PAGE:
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Pre-Service Teachers’ Engineering Practices in an Integrated Engineering and Literacy Experience  The National Research Council’s recent Framework for K-12 Science Education (2012) and thedraft Next Generation Science Standards (Achieve, Inc., 2012) bring new urgency andimportance to the task of exposing K-12 students to the practices and big ideas of engineering.At the elementary school level, this task requires not only the adjustment of curriculum andpedagogy, but also a transformation in the preparation of new elementary teachers. The teachereducation community is limited in its understanding of how novice teachers of elementarystudents learn to teach engineering. Research is needed to inform a new model for preparing pre-service elementary teachers to teach engineering.One potential model for bringing engineering to the elementary classroom and to pre-serviceelementary teachers is to integrate engineering and literacy (McCormick & Hynes, 2012). In theintegrated engineering and literacy approach, design challenges are drawn from children’sliterature. Students and teachers read texts closely, analyze the plot for problems faced by thecharacters, design and test solutions to the problems, and then reflect in writing about theproblems and solutions.The purpose of our descriptive research study was to identify the engineering practices that pre-service teachers use when they participate in an integrated engineering and literacy learningexperience. We hypothesized that when solving engineering problems linked to fictionalcharacters, teachers’ identification with the characters might lead them to emphasize thepractices of problem scoping (i.e., what does this character really need?) and conceptual design(i.e., what would please this character?), while neglecting the practice of iterative prototyping.The study participants were 26 graduate students enrolled in an elementary science teachingmethods course. On three different occasions, these pre-service teachers worked in small groupson engineering design challenges faced by the main characters in works of children’s literature.We video recorded and transcribed the whole-class and small-group discussions that took placeduring these sessions. We used a systematic, iterative process of qualitative data analysisdrawing from methods of grounded theory (Charmaz, 1995) and constant comparative analysis(Glaser & Strauss, 1967). Two researchers independently conducted line-by-line coding using apriori codes based on existing engineering design process models (Atman et al., 2007; Cardellaet al., 2008) as well as emergent codes. The researchers iterated on category definitions andassignments until they reached consensus on a set of categories and sub-categories that describedthe pre-service teachers’ engineering practices. These included problem definition (attending tocost and safety, negotiating requirements), generating ideas (meeting characters’ needs,constructing external representations of solutions, prioritizing simplicity), feasibility analysis(anticipating critiques, posing thought experiments about potential solutions), and decision(justifying proposed solutions, synthesizing across multiple solutions). Frequency analysissuggests that in an integrated engineering and literacy experience, pre-service teachers may excelat identifying problems, generating possible solutions, and attending to multiple constraints, butstruggle to engage in iterative modeling and appropriate evaluation of proposed solutions. Wediscuss the instructional implications for pre-service teacher education that integratesengineering design with literacy experiences.ReferencesAchieve, Inc. (2012). Next Generation Science Standards May 2012 draft performance expectations. Retrieved from standards/Atman, C.J., R.S. Adams, S. Mosborg, M.E. Cardella, J. Turns, and J. Saleem (2007). “Engineering Design Processes: A Comparison of Students and Expert Practitioners.” Journal of Engineering Education, 96(4).Cardella, M. E., Atman, C. J., Turns, J., & Adams, R. S. (2008). Students with differing design processes as freshmen: Case studies on change. International Journal of Engineering Education, 24(2), 246-259.Charmaz, K. (1995). Grounded theory. In Smith, J. A. , Harré, R. and van Langenhove, L. (eds.) Rethinking methods in psychology, London, Sage.Glaser, B. G., & Strauss, A. L. (1967). The discovery of grounded theory: Strategies for qualitative research. New York: Aldine de Gruyter.McCormick, M. & Hynes, M. M. (2012). Engineering in a fictional world: early findings from integrating engineering and literacy. 2012 Proceedings of the American Society for Engineering Education Annual Conference & Exposition. San Antonio, TX.National Research Council. (2012). A framework for K-12 science education: Practices, crosscutting concepts, and core ideas. Washington, D.C.: The National Academies Press.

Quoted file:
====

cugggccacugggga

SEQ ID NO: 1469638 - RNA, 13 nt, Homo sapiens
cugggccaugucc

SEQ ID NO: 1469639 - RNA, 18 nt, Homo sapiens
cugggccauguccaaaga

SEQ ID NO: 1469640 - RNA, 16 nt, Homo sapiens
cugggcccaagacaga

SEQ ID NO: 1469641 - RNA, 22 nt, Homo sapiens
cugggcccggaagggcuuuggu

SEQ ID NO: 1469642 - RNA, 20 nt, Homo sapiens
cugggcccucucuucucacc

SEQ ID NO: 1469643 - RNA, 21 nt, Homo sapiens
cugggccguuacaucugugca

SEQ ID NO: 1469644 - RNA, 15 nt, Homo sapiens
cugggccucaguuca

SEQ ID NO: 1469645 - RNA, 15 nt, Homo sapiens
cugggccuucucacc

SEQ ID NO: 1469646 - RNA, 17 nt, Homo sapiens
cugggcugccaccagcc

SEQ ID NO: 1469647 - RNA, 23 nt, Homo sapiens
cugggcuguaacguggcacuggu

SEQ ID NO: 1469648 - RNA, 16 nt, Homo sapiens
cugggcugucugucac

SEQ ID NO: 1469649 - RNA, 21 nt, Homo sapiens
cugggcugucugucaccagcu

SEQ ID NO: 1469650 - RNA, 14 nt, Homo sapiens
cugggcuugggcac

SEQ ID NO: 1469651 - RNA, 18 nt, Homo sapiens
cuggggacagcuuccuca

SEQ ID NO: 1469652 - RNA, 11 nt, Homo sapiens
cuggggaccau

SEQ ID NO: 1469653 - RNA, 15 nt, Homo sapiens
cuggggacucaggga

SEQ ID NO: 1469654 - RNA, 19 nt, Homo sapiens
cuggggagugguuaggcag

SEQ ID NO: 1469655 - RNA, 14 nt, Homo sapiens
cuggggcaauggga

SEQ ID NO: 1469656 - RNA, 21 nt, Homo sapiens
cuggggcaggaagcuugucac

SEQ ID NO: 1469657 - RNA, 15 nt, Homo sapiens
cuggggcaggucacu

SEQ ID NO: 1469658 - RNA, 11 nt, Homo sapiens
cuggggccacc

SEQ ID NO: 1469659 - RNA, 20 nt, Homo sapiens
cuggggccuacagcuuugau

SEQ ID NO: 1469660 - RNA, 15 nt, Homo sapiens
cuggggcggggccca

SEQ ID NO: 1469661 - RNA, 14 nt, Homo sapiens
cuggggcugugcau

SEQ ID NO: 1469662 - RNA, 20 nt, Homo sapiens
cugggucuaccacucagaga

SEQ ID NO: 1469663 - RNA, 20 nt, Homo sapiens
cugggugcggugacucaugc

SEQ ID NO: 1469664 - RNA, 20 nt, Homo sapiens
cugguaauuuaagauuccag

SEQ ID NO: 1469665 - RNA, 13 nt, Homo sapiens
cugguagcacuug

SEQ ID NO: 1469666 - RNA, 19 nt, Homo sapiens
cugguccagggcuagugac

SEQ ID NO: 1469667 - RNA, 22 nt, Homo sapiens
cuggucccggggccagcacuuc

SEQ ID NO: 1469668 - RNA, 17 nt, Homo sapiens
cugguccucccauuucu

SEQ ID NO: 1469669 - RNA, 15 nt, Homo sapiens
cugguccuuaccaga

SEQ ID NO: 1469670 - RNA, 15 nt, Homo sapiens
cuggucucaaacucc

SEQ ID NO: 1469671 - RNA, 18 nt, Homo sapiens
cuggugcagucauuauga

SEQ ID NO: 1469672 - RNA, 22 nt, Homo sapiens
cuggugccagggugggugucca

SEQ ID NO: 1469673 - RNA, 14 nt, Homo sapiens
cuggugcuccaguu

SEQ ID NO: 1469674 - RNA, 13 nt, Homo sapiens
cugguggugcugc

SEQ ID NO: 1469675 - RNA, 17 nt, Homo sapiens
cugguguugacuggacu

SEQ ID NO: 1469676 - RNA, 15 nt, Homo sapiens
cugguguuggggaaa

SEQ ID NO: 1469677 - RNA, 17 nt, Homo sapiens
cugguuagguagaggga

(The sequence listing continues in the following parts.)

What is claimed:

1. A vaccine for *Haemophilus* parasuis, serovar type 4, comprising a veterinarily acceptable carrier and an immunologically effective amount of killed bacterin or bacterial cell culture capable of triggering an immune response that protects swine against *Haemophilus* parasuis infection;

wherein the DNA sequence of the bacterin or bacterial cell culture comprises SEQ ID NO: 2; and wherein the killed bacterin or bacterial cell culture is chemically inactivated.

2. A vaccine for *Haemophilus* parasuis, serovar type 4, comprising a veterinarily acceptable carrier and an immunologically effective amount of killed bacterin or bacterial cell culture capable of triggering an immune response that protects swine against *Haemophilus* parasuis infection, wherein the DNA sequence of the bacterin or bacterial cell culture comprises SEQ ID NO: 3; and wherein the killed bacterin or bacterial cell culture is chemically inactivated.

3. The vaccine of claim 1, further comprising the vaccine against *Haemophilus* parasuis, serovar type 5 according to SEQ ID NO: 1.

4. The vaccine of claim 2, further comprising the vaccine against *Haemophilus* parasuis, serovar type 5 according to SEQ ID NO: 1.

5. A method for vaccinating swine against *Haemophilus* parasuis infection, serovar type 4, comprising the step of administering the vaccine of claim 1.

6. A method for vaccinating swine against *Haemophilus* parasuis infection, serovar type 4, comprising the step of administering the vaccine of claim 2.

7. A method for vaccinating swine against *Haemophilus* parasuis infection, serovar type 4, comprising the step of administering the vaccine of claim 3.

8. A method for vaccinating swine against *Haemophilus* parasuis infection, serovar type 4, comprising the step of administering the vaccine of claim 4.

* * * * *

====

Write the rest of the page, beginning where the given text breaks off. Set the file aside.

Wendell, K. B. (2013, June), Pre-Service Teachers’ Engineering Design Practices in an Integrated Engineering and Literacy Experience Paper presented at 2013 ASEE Annual Conference & Exposition, Atlanta, Georgia. 10.18260/1-2--22358